Facts About the Canine Pancreas and How Pancreatitis Affects Your Dog
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Facts About the Canine Pancreas and How Pancreatitis Affects Your Dog

The pancreas is a vital part of the dog's intestinal tract. Many medical conditions can affect your dog's pancreas functionality such as diabetes mellitus, pancreatic cysts or abscesses, exocrine pancreatic insufficiency, pancreatic carcinoma and pancreatitis. Pancreatitis is an inflammation of the pancreas and can be life-threatening. Learn how to recognize the symptoms of pancreatitis, how to care for your dog with the disease and what you need to do to avoid the onset of pancreatitis in your dog.

The anatomy of the dog is very complex and each component serves as a vital part in proper health. A crucial element of the stomach and digestive system is the pancreas. The pancreas is located in the stomach cavity, near the liver and small bowel. A healthy pancreas serves a very important part of the body in digestion and the function of certain hormones. Digestive enzymes and fluids are stored within the pancreas and excreted into the intestinal tract when the dog eats. These pancreatic juices are necessary to break down proteins, carbohydrates and fats.

Aside from aiding in the digestion of food, the pancreas produces and secretes hormones vital in regulating blood sugar, such as glucagon.  The pancreas contains beta cells that form keys to the Langerhans which produces insulin.  Many of the cells within the body rely on insulin in controlling and normalizing glucose levels in the body.

There are several common diseases that can affect the pancreas such as diabetes mellitus, pancreatic cysts or abscesses, exocrine pancreatic insufficiency, pancreatic carcinoma and pancreatitis. One of the more threatening pancreatic diseases that can affect your dog is pancreatitis or an inflammation of the pancreas. This very common disease occurs when a dog consumes too much high-fat content foods. The pancreas has difficulty breaking down fat. Acute pancreatitis may result in the pancreas beginning to digest itself. Acute pancreatitis can range from mild to severe with various symptoms. Although any dog can be affected, overweight canines and the miniature schnauzer seemed to be predisposed to pancreatitis.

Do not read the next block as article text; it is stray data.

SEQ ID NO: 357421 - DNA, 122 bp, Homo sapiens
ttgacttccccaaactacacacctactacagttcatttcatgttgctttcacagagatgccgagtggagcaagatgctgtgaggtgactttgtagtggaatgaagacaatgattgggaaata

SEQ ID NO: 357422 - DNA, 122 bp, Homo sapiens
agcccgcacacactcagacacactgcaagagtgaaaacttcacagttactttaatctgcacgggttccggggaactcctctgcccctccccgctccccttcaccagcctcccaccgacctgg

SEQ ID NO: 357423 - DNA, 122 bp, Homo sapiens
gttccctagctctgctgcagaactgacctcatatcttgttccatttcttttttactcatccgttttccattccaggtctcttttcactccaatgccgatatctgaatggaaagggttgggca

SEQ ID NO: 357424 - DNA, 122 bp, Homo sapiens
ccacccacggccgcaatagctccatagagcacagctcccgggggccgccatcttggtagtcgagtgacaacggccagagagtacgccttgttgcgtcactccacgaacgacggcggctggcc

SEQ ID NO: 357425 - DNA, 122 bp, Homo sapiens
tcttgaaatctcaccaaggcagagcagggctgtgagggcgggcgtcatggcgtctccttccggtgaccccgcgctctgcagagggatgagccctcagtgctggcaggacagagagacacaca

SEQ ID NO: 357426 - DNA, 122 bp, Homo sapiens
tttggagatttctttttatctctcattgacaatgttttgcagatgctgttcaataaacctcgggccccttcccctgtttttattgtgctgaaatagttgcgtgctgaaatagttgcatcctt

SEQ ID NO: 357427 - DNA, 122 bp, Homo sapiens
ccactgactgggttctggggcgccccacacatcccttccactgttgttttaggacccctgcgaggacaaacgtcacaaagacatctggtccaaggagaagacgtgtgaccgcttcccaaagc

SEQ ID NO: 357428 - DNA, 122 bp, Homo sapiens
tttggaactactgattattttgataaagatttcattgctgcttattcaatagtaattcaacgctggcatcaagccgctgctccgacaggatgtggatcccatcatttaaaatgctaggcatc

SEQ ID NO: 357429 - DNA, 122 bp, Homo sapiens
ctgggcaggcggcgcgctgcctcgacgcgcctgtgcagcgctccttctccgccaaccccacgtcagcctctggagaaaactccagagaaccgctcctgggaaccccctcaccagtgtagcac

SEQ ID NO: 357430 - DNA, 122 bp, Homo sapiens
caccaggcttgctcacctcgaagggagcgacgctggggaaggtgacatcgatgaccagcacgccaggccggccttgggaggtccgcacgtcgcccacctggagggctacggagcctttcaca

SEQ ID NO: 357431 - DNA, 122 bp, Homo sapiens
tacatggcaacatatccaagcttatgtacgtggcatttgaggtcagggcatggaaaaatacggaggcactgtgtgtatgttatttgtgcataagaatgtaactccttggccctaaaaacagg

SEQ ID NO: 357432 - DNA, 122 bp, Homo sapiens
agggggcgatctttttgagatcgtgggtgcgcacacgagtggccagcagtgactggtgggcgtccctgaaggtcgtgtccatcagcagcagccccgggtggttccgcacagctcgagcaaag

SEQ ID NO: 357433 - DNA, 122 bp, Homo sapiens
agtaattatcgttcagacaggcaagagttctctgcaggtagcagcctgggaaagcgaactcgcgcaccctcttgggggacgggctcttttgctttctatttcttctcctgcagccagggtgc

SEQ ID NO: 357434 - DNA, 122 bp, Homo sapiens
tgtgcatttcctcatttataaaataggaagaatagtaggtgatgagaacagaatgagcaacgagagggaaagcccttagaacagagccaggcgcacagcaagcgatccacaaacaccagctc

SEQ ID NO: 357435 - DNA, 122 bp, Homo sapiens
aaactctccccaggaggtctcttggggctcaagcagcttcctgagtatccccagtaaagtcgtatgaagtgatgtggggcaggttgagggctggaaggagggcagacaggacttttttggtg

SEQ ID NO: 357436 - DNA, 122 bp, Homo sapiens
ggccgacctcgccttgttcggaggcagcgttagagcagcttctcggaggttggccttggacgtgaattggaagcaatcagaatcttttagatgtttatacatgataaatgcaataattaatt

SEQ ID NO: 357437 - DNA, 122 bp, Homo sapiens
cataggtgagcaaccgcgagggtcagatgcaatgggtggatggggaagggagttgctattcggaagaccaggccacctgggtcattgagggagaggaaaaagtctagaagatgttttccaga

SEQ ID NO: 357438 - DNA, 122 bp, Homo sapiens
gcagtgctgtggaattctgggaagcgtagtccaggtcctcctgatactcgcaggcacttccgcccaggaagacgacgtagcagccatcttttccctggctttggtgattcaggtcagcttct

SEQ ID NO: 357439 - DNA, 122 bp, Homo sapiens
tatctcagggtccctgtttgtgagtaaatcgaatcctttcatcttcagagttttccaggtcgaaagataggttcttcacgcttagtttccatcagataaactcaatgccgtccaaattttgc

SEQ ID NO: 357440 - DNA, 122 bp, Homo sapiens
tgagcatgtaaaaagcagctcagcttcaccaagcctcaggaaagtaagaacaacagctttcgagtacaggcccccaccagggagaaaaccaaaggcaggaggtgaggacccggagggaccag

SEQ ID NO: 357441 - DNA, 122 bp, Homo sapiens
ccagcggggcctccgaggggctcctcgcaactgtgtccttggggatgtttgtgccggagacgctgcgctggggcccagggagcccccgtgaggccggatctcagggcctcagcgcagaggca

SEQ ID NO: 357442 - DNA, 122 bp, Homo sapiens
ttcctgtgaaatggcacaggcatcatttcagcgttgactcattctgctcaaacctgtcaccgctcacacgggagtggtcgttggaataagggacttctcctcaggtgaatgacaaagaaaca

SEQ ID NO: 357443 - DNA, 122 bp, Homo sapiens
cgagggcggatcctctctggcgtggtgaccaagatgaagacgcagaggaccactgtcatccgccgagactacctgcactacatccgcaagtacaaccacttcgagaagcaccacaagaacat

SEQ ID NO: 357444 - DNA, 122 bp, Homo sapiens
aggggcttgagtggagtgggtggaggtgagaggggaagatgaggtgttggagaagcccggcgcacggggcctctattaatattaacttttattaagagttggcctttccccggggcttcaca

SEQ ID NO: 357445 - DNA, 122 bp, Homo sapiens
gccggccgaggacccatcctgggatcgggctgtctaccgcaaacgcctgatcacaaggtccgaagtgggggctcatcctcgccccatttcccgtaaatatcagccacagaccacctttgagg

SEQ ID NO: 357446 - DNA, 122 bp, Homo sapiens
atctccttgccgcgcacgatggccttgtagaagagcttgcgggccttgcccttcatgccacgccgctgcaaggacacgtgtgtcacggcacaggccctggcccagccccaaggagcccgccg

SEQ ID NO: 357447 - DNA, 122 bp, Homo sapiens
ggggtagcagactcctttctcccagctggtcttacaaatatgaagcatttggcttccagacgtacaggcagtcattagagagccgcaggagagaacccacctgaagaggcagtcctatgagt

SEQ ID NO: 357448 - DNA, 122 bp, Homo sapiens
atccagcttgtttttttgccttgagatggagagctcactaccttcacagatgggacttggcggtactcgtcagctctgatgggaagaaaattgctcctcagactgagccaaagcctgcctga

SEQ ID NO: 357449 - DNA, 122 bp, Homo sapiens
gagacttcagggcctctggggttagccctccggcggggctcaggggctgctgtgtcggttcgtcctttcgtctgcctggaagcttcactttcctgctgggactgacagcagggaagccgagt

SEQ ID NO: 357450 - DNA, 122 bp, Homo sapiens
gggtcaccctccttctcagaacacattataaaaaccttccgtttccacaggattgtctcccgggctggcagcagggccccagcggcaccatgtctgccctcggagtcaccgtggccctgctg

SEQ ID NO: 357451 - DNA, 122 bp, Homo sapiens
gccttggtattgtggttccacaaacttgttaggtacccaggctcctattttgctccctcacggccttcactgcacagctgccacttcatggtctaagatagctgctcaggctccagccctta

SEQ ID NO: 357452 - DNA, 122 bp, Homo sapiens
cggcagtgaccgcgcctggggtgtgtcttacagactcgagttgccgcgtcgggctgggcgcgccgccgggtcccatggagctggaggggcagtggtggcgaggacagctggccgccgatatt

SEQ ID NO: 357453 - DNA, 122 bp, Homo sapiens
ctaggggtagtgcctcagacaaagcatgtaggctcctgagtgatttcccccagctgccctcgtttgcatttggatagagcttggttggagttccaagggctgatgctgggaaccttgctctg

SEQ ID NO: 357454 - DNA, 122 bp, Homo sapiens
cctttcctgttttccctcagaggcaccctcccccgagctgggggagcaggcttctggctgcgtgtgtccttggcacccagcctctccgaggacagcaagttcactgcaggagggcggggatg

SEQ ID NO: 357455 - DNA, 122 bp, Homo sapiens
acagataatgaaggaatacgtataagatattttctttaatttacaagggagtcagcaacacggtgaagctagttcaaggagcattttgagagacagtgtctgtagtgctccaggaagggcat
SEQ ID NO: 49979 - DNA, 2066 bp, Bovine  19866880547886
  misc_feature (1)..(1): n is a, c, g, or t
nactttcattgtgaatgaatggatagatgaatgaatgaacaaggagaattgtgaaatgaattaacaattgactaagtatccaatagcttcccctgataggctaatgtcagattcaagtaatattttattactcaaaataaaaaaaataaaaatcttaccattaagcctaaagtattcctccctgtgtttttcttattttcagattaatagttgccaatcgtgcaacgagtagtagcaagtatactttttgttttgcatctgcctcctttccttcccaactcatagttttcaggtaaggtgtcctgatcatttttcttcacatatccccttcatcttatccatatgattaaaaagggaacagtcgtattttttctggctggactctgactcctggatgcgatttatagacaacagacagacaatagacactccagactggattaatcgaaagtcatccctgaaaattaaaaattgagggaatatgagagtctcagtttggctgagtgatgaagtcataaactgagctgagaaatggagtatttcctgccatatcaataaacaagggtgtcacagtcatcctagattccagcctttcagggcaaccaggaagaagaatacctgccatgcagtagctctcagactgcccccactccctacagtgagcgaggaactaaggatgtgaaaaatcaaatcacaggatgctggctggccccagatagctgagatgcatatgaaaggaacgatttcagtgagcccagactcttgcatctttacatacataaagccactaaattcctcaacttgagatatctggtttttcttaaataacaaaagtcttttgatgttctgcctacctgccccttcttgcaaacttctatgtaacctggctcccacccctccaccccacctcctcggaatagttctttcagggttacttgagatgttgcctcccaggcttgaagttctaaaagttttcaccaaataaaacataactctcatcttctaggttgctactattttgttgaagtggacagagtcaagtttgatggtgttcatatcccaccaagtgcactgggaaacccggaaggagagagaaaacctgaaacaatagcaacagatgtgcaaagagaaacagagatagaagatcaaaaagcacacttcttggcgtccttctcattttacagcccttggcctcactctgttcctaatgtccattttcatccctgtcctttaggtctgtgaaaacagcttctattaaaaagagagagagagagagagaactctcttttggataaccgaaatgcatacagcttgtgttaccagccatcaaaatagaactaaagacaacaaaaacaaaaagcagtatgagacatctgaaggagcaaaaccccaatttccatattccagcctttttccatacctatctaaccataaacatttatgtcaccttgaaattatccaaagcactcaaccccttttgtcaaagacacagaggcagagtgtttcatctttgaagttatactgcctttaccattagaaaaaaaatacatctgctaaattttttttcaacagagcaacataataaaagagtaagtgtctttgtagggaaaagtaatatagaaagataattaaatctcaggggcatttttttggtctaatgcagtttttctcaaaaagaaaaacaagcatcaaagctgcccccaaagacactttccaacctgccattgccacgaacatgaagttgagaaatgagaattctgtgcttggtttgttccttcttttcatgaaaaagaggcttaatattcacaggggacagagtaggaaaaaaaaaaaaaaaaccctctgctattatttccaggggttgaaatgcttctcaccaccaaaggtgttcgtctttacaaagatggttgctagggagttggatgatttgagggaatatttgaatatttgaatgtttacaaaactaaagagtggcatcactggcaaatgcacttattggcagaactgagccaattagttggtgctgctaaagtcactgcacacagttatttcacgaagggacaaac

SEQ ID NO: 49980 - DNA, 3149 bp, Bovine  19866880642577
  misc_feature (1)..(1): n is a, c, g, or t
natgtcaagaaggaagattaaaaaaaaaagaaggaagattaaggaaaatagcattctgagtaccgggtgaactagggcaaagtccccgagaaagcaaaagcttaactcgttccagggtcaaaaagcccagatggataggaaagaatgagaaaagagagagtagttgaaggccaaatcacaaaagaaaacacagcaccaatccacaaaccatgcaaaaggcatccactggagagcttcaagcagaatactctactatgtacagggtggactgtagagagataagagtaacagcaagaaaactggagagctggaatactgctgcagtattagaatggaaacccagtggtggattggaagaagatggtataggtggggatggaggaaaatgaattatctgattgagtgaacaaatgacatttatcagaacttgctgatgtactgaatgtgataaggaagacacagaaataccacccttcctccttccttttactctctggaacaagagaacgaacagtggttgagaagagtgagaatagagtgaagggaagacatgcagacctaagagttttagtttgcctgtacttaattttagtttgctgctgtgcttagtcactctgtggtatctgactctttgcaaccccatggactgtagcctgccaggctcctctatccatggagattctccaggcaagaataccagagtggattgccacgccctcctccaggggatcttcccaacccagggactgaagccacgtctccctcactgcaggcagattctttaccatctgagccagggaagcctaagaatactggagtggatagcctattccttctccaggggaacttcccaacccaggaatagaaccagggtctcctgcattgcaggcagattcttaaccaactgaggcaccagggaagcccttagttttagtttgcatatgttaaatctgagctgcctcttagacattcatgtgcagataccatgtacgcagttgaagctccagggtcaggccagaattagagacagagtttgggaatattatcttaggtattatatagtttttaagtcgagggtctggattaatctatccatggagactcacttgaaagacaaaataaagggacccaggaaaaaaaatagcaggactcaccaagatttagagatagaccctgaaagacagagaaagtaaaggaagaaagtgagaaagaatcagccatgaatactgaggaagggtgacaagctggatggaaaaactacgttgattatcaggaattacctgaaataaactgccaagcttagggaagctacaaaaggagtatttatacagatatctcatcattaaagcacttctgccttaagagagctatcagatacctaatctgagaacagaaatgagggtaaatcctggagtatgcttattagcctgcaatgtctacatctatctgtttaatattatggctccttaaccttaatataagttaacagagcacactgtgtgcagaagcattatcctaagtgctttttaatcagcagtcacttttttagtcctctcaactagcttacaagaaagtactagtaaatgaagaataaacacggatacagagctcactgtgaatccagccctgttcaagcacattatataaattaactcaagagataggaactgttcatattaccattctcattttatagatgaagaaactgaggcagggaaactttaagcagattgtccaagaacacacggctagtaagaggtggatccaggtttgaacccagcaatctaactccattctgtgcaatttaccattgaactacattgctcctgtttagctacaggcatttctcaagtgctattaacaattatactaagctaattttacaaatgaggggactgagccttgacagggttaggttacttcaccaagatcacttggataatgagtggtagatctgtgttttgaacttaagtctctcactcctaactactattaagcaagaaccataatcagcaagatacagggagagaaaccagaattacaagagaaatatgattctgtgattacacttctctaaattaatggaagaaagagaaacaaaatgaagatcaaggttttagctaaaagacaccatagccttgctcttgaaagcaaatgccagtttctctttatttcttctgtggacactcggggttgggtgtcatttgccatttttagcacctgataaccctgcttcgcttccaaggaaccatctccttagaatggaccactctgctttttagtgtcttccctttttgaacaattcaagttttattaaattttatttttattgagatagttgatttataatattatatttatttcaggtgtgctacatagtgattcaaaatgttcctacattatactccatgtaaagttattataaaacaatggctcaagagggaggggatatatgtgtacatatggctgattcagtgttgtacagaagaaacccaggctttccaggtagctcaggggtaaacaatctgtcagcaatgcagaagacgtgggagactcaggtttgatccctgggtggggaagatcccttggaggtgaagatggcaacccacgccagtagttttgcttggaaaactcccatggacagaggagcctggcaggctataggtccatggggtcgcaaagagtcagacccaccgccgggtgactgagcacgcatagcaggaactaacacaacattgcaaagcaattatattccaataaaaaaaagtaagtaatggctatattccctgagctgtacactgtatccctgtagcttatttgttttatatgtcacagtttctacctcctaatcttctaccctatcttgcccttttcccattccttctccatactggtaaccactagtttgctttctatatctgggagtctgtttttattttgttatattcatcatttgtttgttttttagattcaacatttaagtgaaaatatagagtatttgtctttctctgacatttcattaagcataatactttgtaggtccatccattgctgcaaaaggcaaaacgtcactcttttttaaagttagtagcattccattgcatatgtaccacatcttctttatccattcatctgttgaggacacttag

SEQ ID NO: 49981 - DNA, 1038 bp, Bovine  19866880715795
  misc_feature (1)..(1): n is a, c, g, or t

Some of the more universal symptoms to note in a dog suffering from pancreatitis are vomiting and diarrhea, weakness and lethargy, loss of appetite, depression, fever and visible abdominal pain.  Call your veterinarian immediately if your dog is exhibiting any of these signs and symptoms. Testing for any indications of pancreatitis may include a complete medical examination as well as blood count, serum biochemical test, abdominal x-rays and ultrasound. Once a diagnosis is made, your veterinarian will advise on the proper treatment for your dog.

Pancreatitis can be a life-threatening disease and treatment options depend upon its severity. Hospitalization may be required in order to treat shock while rehydrating your dog through subcutaneous or intravenous fluid supplementation. Antibiotics will be prescribed to prevent the onset of any secondary infections as well as medications to control your dog’s pain. Severe cases may require surgery. The pancreas needs to rest during the treatment process which is accomplished by withholding any food or water by mouth from your dog for several days.

When returning home with your pet, it is important to follow through with treatment as prescribed by your doctor. You will be advised as to the proper diet to feed your dog.  Your dog will probably be prescribed a bland diet after 24 – 72 hours of hospitalization and treatment.  Monitor your dog regularly to be sure none of the symptoms of pancreatitis return. You’ll be required to follow up with your vet to be sure your dog is now healthy.

To prevent a further incidence with pancreatitis, do not provide your dog with any table scraps or fatty foods. Maintain a healthy weight for your dog as well. In order to ward off a recurring attack of pancreatitis, be mindful of proper nutritional care for your dog to ensure a healthy pancreas and a happy, loving and attentive canine family member.                                              http://www.petplace.com/dogs/acute-pancreatitis-in-dogs/page1.aspx                                    http://www.petplace.com/dogs/structure-and-function-of-the-pancreas-in-dogs/page1.aspx http://pets.webmd.com/dogs/dog-pancreatitis-symptoms-and-treatment

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